For an unusual experience, Nov. 2 is the day of the All Souls Procession: a parade of elaborate costumes accompanied by music, drumming and a grand fire ceremony honoring the dead.
The new St. Regis Venice is finally open, and it’s an opulent escape for any traveller willing to splurge. Some of the 129 guest rooms and 40 suites feature balconies overlooking the Grand Canal, and the charming outdoor garden is a great place for guests to admire the city’s art and architecture reflected in the water. November rates start at £350, or 70,000 Marriott points per night.
Visiting in November is also a solid plan if you want to avoid the hordes of photo-hungry tourists that swarm the city in the summer months. Although the weather can get chilly and rainy, that’s all the more reason to snuggle up close to your loved one during a romantic gondola tour.
For insight into the local culture, visit on Nov. 21, the Festa della Madonna della Salute, which celebrates the end of the plague in the 17th century. One of the least-touristy festivals the city celebrates, a temporary bridge of boats is built across the Grand Canal, where thousands of people make a pilgrimage to light a candle at the church of Santa Maria della Salute, asking the Virgin Mary to keep them healthy. Stalls are set up around the city selling food, sweets, candles and more for the pilgrims and visitors. It’s also your last chance to see the Biennale Art Fair, which ends on Nov. 24 after several months of action. The festival features film, dance, music, art exhibitions and more.
Chiang Mai, Thailand
Have you even really lived until you’ve been to a Thai lantern festival? Don’t worry, you can do so this November in Thailand’s northern city of Chiang Mai. The city celebrates not one but two lantern festivals in November: the Yee Peng Lantern Festival (Nov. 11 and 12) and Loi Krathong (Nov. 13). Though the the area will definitely be crowded and hotel rates likely higher during this busy time, seeing thousands of lanterns set into the sky and floating down the river under a full moon, complete with traditional ceremonies, dance and song, is an unforgettable way to experience Thai culture.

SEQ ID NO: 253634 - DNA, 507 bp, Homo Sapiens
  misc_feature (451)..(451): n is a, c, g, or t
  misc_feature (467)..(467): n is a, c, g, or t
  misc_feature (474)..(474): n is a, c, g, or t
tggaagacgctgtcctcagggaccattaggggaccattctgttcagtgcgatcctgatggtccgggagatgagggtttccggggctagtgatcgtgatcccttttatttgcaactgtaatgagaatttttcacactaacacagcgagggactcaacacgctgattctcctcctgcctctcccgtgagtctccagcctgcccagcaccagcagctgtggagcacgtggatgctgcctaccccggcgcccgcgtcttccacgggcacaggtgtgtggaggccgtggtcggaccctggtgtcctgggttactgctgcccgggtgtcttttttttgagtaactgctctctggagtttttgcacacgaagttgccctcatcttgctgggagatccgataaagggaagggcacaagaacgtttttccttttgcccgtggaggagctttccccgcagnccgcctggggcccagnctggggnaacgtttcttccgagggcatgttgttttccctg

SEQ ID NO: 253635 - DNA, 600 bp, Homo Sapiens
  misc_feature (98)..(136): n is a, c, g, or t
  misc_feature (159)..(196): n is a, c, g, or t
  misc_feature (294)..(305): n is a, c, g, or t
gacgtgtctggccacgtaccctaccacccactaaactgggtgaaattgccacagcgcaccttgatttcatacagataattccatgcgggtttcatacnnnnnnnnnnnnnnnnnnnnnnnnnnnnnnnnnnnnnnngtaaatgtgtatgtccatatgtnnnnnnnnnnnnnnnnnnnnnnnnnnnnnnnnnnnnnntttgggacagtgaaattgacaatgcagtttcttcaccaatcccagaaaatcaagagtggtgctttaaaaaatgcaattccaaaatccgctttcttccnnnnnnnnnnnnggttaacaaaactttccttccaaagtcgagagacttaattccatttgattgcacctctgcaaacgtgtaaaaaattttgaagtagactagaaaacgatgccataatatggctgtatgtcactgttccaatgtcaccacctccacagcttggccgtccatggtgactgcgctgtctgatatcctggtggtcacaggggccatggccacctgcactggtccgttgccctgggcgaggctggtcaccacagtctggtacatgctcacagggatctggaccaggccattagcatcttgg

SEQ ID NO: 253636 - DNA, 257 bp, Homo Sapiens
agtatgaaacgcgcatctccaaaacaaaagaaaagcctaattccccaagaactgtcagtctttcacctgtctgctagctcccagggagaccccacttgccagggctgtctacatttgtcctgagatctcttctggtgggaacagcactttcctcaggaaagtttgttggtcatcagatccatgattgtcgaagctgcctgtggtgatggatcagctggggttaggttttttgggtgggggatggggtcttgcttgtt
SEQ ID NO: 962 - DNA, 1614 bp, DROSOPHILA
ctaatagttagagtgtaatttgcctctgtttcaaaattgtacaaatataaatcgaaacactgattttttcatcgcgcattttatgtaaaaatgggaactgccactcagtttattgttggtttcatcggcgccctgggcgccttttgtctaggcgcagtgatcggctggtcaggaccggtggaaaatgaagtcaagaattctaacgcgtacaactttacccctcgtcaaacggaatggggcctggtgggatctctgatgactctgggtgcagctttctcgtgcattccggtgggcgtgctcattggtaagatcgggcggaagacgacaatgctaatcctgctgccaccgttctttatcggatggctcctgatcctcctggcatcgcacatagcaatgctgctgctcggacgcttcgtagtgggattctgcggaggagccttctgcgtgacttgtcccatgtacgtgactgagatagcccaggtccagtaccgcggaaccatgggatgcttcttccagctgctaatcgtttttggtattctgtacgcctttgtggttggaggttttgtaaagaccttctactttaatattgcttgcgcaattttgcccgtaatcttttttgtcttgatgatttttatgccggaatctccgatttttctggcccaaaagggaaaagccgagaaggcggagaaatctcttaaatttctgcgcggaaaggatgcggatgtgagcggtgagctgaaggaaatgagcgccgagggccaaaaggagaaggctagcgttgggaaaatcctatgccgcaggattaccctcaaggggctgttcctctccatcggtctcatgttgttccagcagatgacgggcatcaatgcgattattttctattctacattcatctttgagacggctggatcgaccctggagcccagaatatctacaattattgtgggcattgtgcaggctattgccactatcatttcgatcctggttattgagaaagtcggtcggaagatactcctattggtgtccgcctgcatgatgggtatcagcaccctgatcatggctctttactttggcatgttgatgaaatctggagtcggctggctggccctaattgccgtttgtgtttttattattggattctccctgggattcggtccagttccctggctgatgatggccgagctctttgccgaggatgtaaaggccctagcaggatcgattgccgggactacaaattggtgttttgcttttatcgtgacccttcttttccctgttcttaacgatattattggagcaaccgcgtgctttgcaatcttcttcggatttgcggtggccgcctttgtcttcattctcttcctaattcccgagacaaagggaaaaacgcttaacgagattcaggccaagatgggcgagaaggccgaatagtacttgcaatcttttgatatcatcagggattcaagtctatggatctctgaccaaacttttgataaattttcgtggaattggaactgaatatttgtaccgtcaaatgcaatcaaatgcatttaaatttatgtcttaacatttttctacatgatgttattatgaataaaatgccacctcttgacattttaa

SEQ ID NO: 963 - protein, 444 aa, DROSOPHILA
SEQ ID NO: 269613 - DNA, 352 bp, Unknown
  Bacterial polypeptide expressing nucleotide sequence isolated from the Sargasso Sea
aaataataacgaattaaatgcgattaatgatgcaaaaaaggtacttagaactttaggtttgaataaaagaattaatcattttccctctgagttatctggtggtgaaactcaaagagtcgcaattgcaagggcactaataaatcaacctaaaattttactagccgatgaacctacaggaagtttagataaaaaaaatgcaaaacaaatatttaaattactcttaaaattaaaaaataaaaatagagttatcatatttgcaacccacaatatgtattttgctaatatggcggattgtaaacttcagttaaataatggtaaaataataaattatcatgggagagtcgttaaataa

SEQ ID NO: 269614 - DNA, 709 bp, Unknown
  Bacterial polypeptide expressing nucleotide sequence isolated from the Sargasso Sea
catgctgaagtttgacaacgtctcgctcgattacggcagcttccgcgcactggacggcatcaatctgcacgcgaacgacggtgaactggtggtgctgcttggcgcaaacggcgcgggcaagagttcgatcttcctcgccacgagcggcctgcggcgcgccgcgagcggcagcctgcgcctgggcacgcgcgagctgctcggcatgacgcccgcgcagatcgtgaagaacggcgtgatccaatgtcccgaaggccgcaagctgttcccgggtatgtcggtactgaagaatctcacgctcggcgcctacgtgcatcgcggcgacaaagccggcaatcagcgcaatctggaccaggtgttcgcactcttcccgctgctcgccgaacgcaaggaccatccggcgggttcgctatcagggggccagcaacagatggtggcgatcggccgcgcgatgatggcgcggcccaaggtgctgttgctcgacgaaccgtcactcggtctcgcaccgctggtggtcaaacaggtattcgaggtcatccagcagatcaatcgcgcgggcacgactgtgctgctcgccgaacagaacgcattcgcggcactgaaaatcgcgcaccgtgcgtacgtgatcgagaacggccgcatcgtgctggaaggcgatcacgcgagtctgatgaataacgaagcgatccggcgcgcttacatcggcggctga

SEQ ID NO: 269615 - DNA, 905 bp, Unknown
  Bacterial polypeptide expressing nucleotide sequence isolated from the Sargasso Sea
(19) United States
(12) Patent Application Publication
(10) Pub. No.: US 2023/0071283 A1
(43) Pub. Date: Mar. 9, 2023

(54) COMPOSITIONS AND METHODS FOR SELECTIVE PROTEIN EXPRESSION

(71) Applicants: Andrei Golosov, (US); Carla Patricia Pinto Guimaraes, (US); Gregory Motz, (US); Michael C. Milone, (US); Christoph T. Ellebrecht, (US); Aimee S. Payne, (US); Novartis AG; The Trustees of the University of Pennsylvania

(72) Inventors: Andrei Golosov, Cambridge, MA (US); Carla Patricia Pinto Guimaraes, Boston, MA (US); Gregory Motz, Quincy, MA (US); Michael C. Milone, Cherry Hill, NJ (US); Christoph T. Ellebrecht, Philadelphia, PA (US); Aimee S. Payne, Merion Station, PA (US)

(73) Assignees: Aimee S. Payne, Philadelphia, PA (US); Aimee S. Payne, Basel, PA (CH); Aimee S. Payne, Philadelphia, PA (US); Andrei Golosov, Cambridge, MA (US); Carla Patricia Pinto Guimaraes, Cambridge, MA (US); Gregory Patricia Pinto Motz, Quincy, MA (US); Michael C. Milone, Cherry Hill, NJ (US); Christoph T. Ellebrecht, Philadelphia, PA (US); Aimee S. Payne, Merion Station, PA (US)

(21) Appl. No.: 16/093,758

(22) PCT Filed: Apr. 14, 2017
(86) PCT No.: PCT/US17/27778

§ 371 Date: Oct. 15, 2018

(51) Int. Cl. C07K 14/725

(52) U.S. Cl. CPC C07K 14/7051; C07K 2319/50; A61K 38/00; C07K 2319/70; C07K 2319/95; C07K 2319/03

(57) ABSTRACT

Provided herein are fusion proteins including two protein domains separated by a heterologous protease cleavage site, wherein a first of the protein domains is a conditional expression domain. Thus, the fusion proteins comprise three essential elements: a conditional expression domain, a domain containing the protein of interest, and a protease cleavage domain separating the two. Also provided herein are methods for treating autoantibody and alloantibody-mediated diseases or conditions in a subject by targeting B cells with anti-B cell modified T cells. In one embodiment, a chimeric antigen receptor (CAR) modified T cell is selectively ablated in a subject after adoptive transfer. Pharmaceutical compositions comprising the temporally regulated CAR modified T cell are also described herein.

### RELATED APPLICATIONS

Although November marks the start of Chiang Mai’s cold season, daytime temperatures still reach up to 77 degrees Fahrenheit (25 degrees Celsius), ideal for touring the walled city center, hiking the nearby mountains or interacting — responsibly, of course — with elephants in the region.
Although the city center now has a brand-new Best Western Prime Square that opened in 2019 that’s a short drive away from the walled city (November prices start at £50, or 24,000 points per night), you may prefer getting out into nature. Chiang Mai’s rural surroundings are home to treehouse hotels, a floating lodge on the Mae Ngat Dam, the Hotel Oia Pai (where you kayak to breakfast) and the Sukantara Resort, which sits at the base of a waterfall.
This former stop along the Silk Road is one of the world’s oldest cities, dating back to 4000 B.C. Affordable, rich in history and home to thermal baths, ancient caves, street markets and an array of architectural styles, Tbilisi offers plenty to do and see during a visit — if you can take a break from eating and sipping the wine, that is. Make sure to try khachapuri (savory pie made of melted cheese and eggs) and khinkali, or hearty meat dumplings, with a glass of Akhasheni or Kvanchkara — both semisweet red wines.
Georgian Airways flies twice per week in November (Wednesdays and Saturdays) nonstop from London Gatwick to Tbilisi (TBS). But Ryanair is now inserting itself in the game, too. As of November, the low-cost carrier will begin to operate flights between Milan Bergamo (BGY) and Tbilisi four times per week. Though that isn’t particularly convenient for U.K. flyers, it does mark the beginning of something new, and Ryanair COO David O’Brien told Business Insider, “We look forward to developing new Georgian traffic growth, new routes and jobs in the coming years.” This could likely mean flights from the U.K., Ireland or other European hubs in the future.
The takeaway here is that Tbilisi, as well as the rest of the nation of Georgia, will soon be much more accessible to visitors — meaning prices will likely rise and it won’t remain an off-the-beaten-path destination for much longer. So go now, before the Instragrammers flock here, via Georgian Airways — or by combining your Georgian adventure with a stop in the lovely little town of Bergamo, Italy.
Featured photo of the Czech Republic by DaiLiu/Getty Images.